Saturday, January 29, 2005
Friday, January 21, 2005
Social Security: The lessons of the Patriot Act and Iraq show how quickly the nation will rush without debate
If they'd asked more questions about WMD, things might have been different.
But will the Americans ask the questions this time? We've learned in the wake of 9-11 how quickly the nation will give up its rights. Now we will see how quickly they will give up their security. The Patriot Act was rushed. So too is the Social Security debate.
There was "no time" to debate the war in Iraq. We see the results. There is no reason to expect anything different with social security.
Once a nation goes to war and gives up its fundamental rights, those decisions are difficult to undo. Do not make the same mistake with Social Security. Once it is destroyed, it will take much to repair what remains needed.
Social Security: Will it be reformed or destroyed?
An imminent crisis? Not likely. The estimates are bogus. The basis for forecasting doom are unreliable.
Who's pushing for this? The ones who are going to get a percentage, Wall Street. Analysts. It remains to be seen how much money they provide with donations.
More troubling: Social Security employees are reportedly taught to warn of problems.
It remains to be understood whether this amounts to:
Are US Social Security employees giving "investment advice" without adequate training?
"unauthorized practice of law"; violations of the investment advisors act; or RICO violations
- Will the US government defend them from prosecution by refusing to prosecute?
- Is there a private cause of action against social security employees allegedly giving false, misleading, or in appropriate financial advice?
- Are only "registered" advisors governed by the act; if so, why are "non-lawyers" then regulated by the Bar in re Unauthorized practice of law?
- Are government employees regulated by Private Securities Litigation Reform Act, in preventing knowingly, false statements; or is their "defense" ...they didn't know they were being manipulated into proving misleading information?
- What types of disclosure to the Federal Election Commission or the Securities and Exchange Commission would be appropriate when firms provide information and funding to government and employees in exchange for plans to privatize Social Security?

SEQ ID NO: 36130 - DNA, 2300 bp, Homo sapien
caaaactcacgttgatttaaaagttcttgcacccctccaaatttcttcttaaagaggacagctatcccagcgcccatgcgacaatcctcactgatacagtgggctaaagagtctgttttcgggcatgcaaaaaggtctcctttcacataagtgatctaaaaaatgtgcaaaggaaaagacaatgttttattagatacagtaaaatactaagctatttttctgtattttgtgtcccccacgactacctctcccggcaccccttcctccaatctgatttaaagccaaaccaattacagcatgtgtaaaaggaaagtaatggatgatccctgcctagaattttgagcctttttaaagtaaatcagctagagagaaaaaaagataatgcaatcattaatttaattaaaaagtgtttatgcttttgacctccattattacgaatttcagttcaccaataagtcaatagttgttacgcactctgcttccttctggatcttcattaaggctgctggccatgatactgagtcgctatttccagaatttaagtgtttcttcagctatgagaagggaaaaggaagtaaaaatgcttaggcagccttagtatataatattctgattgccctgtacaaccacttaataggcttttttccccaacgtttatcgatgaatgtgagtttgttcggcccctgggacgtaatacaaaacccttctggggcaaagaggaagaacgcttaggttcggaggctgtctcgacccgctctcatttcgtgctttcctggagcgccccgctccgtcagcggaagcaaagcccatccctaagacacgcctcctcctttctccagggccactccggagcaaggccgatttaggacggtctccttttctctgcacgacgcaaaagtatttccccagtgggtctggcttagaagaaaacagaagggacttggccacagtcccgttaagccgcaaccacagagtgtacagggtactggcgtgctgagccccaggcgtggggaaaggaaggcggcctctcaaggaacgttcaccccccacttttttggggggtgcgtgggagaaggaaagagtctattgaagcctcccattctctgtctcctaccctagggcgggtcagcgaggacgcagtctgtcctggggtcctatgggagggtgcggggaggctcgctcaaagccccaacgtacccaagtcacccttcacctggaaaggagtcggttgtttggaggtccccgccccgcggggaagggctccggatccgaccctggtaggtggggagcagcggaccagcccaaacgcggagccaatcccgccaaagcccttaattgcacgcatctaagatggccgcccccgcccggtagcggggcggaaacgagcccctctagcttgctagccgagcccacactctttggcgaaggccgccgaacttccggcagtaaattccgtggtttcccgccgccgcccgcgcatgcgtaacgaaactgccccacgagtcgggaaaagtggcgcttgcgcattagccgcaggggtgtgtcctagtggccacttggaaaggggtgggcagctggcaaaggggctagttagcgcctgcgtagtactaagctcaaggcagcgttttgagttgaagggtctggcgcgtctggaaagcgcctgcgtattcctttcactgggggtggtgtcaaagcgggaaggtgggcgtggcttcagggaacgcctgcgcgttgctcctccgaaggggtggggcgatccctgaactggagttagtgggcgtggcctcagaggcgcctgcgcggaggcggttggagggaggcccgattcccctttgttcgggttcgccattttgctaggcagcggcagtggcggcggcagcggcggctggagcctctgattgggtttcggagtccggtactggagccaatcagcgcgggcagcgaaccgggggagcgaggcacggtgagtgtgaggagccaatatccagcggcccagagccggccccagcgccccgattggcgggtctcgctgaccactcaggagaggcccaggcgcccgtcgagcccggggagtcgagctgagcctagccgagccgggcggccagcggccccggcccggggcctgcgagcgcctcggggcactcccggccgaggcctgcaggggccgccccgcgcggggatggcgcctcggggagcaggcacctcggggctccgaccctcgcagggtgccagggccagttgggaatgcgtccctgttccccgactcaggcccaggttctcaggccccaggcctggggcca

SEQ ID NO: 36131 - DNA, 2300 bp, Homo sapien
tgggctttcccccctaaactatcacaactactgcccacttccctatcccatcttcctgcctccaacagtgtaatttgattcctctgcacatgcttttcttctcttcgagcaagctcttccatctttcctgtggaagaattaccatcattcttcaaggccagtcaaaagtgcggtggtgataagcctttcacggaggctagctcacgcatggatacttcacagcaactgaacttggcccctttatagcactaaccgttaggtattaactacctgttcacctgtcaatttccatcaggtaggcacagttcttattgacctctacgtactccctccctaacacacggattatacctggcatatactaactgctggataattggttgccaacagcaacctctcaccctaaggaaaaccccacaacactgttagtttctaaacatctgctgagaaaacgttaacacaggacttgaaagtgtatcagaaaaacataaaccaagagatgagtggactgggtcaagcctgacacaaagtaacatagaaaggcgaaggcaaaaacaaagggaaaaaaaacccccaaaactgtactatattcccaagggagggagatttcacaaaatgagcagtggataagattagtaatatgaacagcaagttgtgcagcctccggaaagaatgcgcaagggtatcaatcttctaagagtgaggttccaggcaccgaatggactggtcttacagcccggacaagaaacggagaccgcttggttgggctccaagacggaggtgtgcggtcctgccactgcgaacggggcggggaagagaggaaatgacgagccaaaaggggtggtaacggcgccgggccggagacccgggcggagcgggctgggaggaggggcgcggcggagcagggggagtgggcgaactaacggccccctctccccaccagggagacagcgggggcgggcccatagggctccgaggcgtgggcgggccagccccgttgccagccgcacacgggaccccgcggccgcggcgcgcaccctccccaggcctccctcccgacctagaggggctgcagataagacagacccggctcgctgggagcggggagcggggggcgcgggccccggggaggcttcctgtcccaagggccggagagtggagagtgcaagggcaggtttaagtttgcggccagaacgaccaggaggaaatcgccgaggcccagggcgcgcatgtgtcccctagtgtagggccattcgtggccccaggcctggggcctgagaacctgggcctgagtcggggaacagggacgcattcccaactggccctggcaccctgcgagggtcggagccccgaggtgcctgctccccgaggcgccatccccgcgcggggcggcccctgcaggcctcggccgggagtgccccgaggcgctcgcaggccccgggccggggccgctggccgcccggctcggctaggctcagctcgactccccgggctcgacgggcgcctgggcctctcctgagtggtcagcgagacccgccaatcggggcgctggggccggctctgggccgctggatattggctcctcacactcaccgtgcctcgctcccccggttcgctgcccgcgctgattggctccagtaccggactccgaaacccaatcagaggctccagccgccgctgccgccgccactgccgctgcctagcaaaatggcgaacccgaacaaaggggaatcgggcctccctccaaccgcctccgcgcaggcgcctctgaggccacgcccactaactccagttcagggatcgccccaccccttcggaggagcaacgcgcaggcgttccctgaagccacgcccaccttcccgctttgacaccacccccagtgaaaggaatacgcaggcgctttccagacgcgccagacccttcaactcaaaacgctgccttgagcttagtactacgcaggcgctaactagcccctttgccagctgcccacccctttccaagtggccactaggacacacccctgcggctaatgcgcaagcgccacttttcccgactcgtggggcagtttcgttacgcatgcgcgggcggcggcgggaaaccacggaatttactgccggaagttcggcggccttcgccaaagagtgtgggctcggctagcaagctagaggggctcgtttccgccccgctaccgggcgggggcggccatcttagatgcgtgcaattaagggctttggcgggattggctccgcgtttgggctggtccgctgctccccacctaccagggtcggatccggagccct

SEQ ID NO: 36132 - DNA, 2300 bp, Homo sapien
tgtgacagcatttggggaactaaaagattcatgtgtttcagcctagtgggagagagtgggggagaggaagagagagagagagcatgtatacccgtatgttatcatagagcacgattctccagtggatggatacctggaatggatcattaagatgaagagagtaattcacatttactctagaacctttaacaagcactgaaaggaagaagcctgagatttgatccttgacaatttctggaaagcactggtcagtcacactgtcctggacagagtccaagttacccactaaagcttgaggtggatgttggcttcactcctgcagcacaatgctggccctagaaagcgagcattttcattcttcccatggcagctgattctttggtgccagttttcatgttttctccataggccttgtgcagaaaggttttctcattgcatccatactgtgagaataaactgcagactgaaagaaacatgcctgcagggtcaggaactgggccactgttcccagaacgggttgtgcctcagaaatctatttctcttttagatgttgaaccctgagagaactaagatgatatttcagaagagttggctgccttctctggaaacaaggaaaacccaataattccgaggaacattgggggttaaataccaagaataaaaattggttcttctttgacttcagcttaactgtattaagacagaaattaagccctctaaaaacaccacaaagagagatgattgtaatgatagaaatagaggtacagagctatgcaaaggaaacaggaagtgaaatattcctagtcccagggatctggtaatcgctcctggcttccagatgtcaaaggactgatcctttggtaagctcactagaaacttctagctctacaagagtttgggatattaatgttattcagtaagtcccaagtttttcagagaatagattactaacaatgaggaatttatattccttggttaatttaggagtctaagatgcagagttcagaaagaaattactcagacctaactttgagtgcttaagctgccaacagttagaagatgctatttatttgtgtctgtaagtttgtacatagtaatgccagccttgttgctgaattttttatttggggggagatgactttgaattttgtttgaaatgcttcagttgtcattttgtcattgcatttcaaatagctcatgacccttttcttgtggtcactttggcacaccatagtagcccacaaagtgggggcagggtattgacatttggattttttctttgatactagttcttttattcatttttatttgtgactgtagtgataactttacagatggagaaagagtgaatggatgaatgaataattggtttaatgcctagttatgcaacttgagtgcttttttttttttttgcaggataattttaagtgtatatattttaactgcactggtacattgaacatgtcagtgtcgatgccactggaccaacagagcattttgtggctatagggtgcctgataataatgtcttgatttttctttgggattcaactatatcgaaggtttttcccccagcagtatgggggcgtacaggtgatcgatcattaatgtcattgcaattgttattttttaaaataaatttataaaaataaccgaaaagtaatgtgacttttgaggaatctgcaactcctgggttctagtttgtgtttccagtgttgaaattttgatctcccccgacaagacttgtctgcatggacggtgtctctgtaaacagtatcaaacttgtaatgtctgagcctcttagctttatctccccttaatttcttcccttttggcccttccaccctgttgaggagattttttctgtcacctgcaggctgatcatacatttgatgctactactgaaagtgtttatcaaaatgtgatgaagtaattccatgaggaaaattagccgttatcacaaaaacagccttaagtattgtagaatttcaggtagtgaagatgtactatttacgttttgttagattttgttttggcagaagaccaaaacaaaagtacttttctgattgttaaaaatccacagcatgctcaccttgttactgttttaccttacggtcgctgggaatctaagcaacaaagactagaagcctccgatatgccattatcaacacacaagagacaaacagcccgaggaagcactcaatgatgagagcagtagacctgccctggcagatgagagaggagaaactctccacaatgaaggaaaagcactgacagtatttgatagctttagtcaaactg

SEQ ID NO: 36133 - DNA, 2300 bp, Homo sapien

Will the SEC, and FEC look into the apparent conflicts?
The results from the 1990s show that both FEC and SEC are designed to be slow. They are inefficient.
Yet, the Republicans, as we saw with the Patriot Act, will move quickly.
It is problematic for private industry and government employees to provide financial advice to the public using unreasonable assumptions and estimates.
There is an apparent conflict when those financial institutions that stand to benefit from these funds-transfers are providing information to Social Security.
It remains to be understood whether there have been funds paid from private industry to political candidates in exchange for promises of post-political careers; and the specific role private industry has in providing "estimates" to Social Security.
Social Security should be something that is secure, not squandered. Otherwise, we are simply reverting back to the 1920s: High risk, no safety net, and inaction in the face of apparent conflicts.
They lied about WMD. They lied about Enron. They'll lie about social security.
Read more . . .
Wednesday, January 19, 2005
Asteroid: Unconfirmed reports -- Going to coolide with earth
Webnymph Readers: Here are the blog entries that did not post
List of blogspots which didn't publish on Webnymph.
Read more . . .
Saturday, January 15, 2005
Ridge denies, while Rummy hides
It takes more than a few to do nothing.
Americans pretend they live in a democracy, but refuse to discipline abusive tyrants. They didn't ask Rumsfeld about Abu Ghraib and torture. They asked Ridge.
Why, if the problems happened under DoD's control, wasn't Rumsfeld asked about this signals torture sent to the world?
Counter-Intelligence Field Activity is the DoD-DoJ intelligence gathering arm. It knows about the Bureau of Prisons abuse. And Guantanamo. Their personnel were there. Celebrating the training opportunity. And the career advancement.
Rumsfeld is quiet. He knows a denial of crimes is admissible in court. Especially in cases where other intelligence agencies have the goods. The facts. And copies of both the e-mails, video-tapes, and communication between Guantanamo and NSA.